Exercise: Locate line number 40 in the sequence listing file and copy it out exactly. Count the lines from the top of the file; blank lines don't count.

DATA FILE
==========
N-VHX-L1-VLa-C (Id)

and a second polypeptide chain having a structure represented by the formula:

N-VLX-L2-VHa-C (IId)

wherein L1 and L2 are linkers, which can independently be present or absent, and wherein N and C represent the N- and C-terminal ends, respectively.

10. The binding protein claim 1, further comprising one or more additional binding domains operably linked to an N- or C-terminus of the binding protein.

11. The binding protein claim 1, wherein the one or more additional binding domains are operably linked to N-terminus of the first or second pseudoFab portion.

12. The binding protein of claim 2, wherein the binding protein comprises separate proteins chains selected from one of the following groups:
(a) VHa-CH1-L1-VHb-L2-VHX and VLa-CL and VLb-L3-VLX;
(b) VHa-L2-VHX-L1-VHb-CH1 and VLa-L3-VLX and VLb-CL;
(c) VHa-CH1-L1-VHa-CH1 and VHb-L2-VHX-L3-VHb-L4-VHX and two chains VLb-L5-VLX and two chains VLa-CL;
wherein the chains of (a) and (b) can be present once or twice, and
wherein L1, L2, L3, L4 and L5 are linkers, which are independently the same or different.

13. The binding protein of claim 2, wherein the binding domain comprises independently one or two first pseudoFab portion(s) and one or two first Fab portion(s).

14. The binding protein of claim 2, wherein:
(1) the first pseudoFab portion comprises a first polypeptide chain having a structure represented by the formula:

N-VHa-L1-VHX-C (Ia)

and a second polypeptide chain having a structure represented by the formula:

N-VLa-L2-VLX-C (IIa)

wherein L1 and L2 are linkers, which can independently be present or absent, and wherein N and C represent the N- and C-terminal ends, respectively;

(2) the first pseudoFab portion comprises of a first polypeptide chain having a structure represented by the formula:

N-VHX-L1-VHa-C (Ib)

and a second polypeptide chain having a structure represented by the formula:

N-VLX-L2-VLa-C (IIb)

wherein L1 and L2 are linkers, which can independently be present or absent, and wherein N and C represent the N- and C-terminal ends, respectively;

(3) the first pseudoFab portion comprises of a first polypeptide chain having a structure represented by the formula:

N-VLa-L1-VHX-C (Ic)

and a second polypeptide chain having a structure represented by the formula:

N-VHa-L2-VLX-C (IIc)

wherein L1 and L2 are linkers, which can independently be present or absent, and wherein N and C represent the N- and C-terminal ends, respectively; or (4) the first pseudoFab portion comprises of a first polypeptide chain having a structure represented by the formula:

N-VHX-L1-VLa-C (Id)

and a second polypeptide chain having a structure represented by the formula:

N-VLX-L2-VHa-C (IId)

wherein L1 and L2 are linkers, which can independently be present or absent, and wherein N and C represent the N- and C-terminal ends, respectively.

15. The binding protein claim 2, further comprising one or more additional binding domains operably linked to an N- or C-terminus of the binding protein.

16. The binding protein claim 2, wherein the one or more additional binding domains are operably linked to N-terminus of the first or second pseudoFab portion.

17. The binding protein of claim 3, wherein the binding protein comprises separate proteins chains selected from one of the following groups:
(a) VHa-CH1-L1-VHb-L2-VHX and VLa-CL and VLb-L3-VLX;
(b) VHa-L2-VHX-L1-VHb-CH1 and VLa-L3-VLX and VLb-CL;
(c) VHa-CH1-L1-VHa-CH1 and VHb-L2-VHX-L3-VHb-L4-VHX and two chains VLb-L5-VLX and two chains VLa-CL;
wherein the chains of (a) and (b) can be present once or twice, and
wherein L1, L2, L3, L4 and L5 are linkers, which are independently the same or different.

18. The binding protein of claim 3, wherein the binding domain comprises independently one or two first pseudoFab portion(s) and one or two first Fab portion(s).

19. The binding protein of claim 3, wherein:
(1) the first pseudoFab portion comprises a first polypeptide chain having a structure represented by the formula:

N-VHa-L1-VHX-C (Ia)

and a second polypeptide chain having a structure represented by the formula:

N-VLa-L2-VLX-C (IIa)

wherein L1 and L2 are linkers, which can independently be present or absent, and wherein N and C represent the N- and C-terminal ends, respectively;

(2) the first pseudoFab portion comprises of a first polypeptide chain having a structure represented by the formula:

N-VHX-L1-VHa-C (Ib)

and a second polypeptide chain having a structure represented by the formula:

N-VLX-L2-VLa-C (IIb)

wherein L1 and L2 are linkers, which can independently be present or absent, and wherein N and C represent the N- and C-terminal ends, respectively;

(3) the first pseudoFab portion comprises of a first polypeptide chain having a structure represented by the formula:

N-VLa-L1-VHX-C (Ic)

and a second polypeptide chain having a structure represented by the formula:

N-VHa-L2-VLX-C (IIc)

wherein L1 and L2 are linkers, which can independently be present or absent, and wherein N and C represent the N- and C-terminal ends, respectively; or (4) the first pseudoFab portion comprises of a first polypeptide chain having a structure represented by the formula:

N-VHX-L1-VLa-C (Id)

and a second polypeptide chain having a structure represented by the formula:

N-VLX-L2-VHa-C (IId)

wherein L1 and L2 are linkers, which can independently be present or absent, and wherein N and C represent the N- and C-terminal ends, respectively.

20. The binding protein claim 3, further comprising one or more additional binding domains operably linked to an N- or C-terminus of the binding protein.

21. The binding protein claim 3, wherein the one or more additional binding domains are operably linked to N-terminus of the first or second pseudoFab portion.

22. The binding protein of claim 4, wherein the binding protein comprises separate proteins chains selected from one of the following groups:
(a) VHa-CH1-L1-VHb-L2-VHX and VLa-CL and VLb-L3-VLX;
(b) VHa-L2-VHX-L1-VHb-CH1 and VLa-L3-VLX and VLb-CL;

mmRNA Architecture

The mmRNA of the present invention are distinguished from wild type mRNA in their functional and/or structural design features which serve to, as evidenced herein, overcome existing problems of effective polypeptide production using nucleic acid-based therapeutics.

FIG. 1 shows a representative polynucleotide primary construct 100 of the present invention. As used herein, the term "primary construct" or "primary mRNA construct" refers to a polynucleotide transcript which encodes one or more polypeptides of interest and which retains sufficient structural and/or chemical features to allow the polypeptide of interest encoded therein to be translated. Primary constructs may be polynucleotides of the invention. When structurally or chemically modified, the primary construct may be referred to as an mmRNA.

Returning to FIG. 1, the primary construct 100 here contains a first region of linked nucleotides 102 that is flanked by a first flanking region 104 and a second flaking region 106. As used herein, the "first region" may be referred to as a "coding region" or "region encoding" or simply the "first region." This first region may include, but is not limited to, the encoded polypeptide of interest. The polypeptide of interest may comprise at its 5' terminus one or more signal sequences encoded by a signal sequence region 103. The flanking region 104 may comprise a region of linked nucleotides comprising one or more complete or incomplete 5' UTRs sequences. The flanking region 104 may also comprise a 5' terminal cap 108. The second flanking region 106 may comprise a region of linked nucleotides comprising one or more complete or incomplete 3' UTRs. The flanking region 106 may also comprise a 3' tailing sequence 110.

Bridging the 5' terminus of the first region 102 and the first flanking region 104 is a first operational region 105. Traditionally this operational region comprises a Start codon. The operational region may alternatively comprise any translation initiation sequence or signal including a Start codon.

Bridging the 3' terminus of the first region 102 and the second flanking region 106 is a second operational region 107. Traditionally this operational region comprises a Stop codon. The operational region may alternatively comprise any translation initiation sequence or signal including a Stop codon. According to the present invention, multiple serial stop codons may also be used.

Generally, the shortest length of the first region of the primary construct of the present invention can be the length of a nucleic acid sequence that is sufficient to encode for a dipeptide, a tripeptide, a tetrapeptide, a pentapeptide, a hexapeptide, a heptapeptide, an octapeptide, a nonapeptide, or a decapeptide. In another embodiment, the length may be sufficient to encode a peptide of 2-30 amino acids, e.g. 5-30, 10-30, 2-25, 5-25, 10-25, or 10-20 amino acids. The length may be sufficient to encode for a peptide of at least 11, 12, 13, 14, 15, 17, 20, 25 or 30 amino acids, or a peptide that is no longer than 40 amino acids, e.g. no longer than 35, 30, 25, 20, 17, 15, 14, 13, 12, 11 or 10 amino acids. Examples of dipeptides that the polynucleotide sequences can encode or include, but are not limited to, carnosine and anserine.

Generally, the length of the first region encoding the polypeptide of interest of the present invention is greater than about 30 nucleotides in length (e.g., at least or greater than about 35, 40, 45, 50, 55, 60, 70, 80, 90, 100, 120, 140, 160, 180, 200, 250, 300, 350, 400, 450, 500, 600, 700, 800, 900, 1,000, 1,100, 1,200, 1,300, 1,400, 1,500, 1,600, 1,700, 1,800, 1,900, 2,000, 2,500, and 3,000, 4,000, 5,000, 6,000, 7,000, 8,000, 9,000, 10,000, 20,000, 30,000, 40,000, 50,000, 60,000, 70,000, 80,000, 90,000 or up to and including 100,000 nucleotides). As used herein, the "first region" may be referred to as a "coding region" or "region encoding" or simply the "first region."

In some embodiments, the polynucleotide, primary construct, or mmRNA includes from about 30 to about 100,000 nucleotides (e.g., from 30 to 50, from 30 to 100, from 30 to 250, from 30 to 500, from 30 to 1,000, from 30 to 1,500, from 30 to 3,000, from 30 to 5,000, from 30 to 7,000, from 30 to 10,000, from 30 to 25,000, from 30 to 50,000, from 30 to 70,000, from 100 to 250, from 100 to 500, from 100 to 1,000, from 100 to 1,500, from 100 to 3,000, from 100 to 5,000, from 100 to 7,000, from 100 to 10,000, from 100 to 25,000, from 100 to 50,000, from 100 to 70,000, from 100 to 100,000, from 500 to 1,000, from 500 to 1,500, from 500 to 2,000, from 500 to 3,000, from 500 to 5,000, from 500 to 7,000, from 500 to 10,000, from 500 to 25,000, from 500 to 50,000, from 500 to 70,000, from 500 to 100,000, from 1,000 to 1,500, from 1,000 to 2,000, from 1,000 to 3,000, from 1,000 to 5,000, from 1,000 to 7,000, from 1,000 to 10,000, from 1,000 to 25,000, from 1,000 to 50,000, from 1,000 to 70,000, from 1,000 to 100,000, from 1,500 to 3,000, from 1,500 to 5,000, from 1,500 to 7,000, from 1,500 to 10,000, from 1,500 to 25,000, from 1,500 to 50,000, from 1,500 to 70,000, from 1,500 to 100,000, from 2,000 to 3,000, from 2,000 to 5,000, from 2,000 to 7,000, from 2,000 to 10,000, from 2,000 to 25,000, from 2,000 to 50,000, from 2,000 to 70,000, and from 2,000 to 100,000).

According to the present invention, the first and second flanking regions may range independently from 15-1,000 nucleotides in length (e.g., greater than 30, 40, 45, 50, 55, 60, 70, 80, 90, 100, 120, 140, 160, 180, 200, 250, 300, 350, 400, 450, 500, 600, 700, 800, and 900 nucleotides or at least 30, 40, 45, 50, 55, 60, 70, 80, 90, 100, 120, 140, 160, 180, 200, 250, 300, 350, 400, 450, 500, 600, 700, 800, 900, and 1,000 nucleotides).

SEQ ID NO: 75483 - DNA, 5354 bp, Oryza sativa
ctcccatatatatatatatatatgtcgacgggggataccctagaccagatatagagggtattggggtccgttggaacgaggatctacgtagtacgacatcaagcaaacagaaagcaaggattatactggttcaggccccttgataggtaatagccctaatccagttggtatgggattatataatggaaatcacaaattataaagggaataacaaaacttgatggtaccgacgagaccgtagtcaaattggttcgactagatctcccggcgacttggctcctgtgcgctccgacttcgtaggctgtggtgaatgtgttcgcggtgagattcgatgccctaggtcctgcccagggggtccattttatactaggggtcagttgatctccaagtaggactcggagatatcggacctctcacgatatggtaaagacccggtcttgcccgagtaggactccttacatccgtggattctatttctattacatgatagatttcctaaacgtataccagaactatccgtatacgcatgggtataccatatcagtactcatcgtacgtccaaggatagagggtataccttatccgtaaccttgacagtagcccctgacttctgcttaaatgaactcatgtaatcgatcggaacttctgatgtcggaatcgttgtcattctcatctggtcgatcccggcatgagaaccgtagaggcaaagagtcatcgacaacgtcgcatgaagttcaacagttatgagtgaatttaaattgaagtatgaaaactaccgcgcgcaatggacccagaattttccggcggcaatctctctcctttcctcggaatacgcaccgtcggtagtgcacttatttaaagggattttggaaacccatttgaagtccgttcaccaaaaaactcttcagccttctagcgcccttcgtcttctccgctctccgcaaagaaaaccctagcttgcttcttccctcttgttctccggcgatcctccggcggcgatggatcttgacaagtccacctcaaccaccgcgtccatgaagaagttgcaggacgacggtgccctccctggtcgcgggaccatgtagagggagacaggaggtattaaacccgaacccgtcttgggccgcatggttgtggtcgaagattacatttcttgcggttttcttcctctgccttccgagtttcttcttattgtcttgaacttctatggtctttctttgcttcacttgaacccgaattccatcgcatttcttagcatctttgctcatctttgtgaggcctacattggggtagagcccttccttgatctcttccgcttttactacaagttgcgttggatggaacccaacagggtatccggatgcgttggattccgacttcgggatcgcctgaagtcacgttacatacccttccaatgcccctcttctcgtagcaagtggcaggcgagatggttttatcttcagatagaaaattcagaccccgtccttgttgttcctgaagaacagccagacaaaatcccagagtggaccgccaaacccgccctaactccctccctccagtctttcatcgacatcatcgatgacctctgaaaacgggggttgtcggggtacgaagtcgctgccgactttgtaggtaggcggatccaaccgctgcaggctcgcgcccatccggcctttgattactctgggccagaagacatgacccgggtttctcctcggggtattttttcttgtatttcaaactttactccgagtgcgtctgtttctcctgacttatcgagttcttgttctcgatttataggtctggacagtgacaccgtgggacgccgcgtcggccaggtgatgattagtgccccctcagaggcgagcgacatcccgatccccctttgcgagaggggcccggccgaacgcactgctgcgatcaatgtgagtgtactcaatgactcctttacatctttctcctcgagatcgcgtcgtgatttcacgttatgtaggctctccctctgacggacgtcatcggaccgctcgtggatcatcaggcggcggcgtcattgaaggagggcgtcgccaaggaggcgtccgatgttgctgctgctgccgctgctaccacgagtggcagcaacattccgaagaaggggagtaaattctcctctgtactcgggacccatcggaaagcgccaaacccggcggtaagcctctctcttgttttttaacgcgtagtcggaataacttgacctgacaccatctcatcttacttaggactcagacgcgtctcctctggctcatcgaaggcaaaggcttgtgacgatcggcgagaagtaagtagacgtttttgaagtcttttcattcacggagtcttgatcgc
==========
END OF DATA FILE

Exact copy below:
wherein the chains of (a) and (b) can be present once or twice, and